Five millimeter or larger embryos were carefully removed and transferred to fresh plates with SHSU medium (Table 10) under aseptic conditions. Old plates with TRP+ medium were resealed and placed back for incubation and generation of more mature embryos. New plates with SHSU medium were also sealed with PARAFILM to incubate at 28° C. with 16/8 (day/night) cycle with maximum lighting up to 100 μEinsteins m−2 s−1. Every 4-6 weeks, shoots on these plates were checked for growth and development. Each shoot with 3-4 leaves and a developed root system was transferred to a sundae cup with fresh SHSU medium and further incubated at 30° C. with 16/8 (day/night) cycle. Shoots were incubated until they reached the 4-5 leaf stage and abundant new root growth was observed. Shoots with 4-5 leaves and a mature root system were transferred to pots with soil to obtain a mature cotton plant.
A brassinosteroid plant growth regulator was used to enhance cotton embryo formation. Brassinolide (i.e. 24-epibrassinolide; Super-Grow, Montreal, Calif.), at a concentration from 2 to 100 μM was added to TRP+ medium (Table 9). Embryogenic callus from the UMO medium (Table 8) was then cultured on TRP+ medium containing Brassinolide. A substantial increase in the number of embryos produced was seen in the cultures grown with brassinolide treatment, compared to the untreated control, with 5 to 10 μM brassinolide being optimal in this experiment. Besides an increase in the overall production of embryos, many of the embryos produced from the brassinolide treatment were 5-6 mm long heart shaped embryos (more developed), whereas there were none at this stage in the control treatment. These results clearly demonstrate that brassinolide or another brassinosteroid may be utilized to increase the likelihood of cotton embryo development and growth from embryogenic callus, as well as the degree of the development. Results are shown on Table 11.
Brassinolide was observed to enhance cotton embryo formation in the presence of oxygen (O2). When embryogenic callus was placed on brassinolide containing TRP+ medium (Table 9) at either 9% or 21% O2, more embryos were produced in the brassinolide treatments at 9% than at 21% O2. Lower level of 10 μM brassinolide gave the greatest response at 9% O2 but 100 μM level of brassinolide was more useful in 21% O2. Lower level of O2 was observed to be beneficial in producing more embryos than higher level of O2 (Table 12). Different levels of O2 were created by using a PRO-OX 110 oxygen control according to manufacturer's instructions (BioSpherix, Redfield, N.Y.) in a growth chamber (e.g. Percival Scientific, Inc., Perry, Iowa). Results in Table 12 indicate that brassinolide promotes the growth and development of embryos from cotton embryogenic callus.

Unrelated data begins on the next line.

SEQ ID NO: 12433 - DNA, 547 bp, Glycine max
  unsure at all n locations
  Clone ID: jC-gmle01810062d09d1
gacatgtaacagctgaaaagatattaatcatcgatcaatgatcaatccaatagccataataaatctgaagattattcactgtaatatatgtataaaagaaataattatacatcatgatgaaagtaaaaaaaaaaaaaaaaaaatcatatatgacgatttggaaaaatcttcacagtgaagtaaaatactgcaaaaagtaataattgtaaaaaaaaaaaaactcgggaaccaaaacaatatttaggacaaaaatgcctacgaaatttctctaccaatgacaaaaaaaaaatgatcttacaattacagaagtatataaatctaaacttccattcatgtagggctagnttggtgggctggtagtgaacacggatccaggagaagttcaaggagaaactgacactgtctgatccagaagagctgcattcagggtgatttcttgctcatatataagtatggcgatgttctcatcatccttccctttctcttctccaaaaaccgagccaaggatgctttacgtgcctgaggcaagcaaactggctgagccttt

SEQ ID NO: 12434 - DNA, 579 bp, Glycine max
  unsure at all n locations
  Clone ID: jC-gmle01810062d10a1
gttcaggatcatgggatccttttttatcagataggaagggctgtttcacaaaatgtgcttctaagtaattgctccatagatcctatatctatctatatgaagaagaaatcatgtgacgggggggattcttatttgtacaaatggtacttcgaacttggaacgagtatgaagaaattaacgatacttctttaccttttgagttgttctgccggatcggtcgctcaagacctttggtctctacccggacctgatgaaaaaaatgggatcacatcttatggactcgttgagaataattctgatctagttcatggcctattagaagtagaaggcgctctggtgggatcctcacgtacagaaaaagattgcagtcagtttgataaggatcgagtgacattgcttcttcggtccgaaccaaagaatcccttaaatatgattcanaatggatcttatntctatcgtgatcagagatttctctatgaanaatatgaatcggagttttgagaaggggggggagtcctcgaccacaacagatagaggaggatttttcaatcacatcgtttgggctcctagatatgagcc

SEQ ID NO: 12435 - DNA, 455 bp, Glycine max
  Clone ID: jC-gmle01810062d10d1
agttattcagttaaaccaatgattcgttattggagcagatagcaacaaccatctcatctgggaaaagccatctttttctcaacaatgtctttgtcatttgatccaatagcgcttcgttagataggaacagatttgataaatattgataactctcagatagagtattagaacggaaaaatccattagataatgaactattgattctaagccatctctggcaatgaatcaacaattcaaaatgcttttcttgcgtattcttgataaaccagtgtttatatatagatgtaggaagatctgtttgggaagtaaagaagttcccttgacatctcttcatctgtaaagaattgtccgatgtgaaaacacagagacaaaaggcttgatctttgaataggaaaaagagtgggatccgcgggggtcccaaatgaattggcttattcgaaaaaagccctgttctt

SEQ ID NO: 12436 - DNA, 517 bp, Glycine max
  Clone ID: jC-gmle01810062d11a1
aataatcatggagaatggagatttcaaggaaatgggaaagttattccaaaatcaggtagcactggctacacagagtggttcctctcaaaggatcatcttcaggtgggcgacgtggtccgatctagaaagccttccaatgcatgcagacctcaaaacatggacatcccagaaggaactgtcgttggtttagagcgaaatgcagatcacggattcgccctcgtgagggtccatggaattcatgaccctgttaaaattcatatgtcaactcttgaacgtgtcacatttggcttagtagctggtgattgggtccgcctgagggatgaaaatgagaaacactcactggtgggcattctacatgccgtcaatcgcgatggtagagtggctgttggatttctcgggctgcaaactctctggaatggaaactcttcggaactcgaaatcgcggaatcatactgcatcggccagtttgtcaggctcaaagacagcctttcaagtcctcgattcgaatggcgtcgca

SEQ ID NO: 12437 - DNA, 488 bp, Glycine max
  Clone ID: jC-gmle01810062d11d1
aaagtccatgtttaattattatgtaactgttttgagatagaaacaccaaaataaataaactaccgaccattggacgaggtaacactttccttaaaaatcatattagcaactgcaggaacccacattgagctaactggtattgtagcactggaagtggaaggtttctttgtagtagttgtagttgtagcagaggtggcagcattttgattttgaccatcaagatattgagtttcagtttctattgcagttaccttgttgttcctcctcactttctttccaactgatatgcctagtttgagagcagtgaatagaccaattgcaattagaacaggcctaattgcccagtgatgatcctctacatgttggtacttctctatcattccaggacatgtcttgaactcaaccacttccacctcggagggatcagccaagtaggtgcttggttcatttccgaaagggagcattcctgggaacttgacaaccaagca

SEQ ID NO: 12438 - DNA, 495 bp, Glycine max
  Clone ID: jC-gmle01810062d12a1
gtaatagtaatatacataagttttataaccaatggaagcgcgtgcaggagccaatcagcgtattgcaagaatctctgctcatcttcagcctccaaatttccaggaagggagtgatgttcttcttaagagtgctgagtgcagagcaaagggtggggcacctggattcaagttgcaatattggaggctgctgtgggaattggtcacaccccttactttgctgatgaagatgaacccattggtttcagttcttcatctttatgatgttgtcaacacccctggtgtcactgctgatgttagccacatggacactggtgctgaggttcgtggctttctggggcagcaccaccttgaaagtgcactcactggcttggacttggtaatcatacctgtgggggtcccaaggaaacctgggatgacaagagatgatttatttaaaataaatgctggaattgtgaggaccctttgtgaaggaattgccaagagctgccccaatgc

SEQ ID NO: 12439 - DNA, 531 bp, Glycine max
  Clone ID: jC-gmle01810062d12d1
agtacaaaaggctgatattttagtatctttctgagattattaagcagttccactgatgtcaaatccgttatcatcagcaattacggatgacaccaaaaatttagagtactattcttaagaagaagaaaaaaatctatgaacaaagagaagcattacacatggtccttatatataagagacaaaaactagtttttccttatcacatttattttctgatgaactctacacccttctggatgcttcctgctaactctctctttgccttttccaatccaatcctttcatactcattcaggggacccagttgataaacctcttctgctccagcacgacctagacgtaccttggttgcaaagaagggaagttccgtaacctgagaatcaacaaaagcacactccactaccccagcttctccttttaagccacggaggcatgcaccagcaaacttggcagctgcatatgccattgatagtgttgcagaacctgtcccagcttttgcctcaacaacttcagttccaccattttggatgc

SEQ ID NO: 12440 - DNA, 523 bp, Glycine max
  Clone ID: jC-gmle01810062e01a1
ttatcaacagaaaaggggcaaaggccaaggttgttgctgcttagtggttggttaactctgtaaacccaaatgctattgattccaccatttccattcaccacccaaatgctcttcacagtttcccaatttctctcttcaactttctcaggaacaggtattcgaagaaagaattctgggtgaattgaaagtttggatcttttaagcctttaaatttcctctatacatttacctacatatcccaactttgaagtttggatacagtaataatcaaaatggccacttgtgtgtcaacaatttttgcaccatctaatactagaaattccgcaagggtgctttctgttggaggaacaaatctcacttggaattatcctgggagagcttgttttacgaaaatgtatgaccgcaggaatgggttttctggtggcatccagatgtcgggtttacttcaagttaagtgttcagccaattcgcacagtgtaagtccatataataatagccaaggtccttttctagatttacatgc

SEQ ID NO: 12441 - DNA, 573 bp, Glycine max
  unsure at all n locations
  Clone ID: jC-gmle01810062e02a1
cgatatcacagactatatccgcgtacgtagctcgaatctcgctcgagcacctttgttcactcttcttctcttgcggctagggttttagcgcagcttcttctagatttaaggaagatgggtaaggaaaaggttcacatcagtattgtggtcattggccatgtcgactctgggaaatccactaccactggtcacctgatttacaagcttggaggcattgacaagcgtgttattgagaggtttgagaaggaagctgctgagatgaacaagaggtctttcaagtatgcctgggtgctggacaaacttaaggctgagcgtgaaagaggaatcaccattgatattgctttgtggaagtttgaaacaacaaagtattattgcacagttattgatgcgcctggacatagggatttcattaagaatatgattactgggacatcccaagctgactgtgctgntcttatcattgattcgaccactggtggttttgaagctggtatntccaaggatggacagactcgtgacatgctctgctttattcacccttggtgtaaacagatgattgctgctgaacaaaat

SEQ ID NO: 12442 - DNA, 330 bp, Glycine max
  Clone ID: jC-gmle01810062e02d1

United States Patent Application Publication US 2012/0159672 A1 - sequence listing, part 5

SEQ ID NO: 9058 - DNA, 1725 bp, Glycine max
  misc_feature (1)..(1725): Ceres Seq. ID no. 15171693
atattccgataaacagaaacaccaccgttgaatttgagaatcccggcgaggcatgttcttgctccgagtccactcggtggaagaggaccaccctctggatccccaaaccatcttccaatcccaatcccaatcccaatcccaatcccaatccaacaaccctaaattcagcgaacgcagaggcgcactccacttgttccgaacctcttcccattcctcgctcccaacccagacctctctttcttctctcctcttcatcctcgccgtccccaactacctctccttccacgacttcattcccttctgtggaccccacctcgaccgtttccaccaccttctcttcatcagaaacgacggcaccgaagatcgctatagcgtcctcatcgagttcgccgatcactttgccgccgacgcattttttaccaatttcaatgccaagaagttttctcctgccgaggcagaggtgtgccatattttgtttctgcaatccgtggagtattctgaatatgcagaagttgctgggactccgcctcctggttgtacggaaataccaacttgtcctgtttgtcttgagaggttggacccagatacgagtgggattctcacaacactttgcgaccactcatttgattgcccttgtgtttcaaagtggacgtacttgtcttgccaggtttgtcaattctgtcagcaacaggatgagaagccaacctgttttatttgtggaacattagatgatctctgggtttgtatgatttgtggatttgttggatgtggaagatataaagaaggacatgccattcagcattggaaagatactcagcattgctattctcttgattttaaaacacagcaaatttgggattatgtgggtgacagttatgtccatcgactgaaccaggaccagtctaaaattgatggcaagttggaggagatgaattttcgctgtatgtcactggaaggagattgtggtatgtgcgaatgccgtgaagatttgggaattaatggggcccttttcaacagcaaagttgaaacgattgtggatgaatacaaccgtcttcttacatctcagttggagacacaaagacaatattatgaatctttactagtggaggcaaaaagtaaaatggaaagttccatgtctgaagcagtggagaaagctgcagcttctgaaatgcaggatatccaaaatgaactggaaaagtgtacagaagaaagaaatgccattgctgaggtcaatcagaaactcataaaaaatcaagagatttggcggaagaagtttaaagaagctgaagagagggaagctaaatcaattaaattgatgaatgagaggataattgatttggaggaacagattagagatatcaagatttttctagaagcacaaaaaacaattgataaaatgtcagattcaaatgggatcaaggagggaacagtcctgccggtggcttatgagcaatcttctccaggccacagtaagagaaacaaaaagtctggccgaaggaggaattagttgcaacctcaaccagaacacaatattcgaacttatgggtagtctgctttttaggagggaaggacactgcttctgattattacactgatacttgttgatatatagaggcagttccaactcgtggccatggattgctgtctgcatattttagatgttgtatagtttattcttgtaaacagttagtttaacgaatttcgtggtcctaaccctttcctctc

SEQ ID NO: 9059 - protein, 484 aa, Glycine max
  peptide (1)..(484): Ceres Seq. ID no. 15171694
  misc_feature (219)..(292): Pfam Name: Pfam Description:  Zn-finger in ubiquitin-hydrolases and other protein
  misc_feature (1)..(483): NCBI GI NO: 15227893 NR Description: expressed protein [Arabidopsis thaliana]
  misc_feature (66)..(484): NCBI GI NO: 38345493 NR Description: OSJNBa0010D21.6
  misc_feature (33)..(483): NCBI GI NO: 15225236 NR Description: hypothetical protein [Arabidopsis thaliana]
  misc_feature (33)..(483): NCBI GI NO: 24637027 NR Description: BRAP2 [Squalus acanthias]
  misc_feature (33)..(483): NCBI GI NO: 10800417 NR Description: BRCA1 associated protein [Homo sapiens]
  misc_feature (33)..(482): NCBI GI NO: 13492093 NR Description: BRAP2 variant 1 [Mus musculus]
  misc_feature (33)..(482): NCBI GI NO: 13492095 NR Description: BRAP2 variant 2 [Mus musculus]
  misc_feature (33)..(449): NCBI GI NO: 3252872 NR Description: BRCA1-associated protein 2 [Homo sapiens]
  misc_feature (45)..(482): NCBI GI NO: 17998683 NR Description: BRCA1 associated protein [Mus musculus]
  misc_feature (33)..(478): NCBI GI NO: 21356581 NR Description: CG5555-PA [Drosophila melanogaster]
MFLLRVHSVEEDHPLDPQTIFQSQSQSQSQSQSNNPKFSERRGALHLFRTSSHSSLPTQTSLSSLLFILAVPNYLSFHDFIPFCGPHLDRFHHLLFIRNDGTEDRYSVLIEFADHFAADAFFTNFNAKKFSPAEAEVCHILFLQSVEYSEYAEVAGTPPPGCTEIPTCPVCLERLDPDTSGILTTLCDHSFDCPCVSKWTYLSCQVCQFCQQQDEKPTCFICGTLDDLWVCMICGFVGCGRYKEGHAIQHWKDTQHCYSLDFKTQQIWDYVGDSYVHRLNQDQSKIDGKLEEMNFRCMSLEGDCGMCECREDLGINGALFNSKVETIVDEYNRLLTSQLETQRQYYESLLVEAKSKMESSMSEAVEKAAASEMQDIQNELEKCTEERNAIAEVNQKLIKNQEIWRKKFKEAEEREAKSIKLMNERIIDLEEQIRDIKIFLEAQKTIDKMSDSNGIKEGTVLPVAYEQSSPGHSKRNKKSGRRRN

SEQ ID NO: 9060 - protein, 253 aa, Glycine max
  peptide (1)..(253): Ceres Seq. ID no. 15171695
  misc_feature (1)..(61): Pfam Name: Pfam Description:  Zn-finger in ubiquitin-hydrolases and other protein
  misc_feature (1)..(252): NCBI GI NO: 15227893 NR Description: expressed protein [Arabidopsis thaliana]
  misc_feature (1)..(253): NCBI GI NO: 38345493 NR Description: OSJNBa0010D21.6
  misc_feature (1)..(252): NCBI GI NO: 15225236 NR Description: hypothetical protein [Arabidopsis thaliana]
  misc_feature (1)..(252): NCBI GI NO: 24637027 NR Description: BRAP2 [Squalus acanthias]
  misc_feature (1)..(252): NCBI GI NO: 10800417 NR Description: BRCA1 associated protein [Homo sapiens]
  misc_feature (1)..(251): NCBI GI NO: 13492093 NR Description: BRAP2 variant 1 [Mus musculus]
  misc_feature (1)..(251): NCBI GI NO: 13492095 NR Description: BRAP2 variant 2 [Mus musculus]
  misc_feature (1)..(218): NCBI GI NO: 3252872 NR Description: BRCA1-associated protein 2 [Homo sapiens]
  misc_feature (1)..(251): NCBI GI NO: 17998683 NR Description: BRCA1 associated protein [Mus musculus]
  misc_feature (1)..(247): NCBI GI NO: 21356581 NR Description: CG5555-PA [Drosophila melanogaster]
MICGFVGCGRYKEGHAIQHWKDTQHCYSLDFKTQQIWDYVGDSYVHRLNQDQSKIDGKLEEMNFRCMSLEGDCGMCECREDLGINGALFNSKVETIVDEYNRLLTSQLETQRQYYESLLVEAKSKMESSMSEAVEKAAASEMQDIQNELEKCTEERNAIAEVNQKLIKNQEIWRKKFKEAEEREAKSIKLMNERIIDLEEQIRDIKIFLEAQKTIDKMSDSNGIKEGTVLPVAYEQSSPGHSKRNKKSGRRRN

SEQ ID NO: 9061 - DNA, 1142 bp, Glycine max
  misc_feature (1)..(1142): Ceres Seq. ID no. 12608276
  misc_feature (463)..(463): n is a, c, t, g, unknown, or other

In the medium, WPM basal salt mixture was used in place of MS basal salt mixture during the callus induction step. The new modified medium is referred as WPSEL medium (Table 13). As shown in Table 15 (in treatment 10) WPSEL promoted early somatic embryogenesis of cotton when used during the callus induction step.
In addition to testing a modified basal salt mixture such as found in Woody Plant Medium, the effect of pre-soaking hypocotyl explants in liquid MSO glucose medium (Table 3), and callus induction at different temperature was also tested. After 2 hr of pre-soaking, the explants were placed on either UMSEL (Table 6) or WPSEL (Table 13) medium. The plates were unwrapped at this step except for treatment 9 (Table 15) and cultured at specified temperature for callus induction. Calli produced at the end of 4 week period were transferred to UMO medium for embryogenic callus induction. Half of the plates were wrapped, and the other half were unwrapped for each treatment.
The results shown in Table 15 demonstrate that WPM salts in combination with pre-soaking of the explant in MSO medium and culturing at 30° C. with the plates wrapped (Treatment 6) significantly improved embryogenic callus induction. This method not only showed higher frequency of embryogenic callus induction earlier (Treatments 2, 4, 6, 8, 10), but produced much larger masses of embryogenic callus than its MS salts-based medium counterparts (Treatments 1, 3, 5, 7, 9).
Further, when media supplements such as abscisic acid (0.03, 0.15, 0.75 mg/L) were added to the WPSEL medium, production of embryogenic callus improved further as shown in Table 16.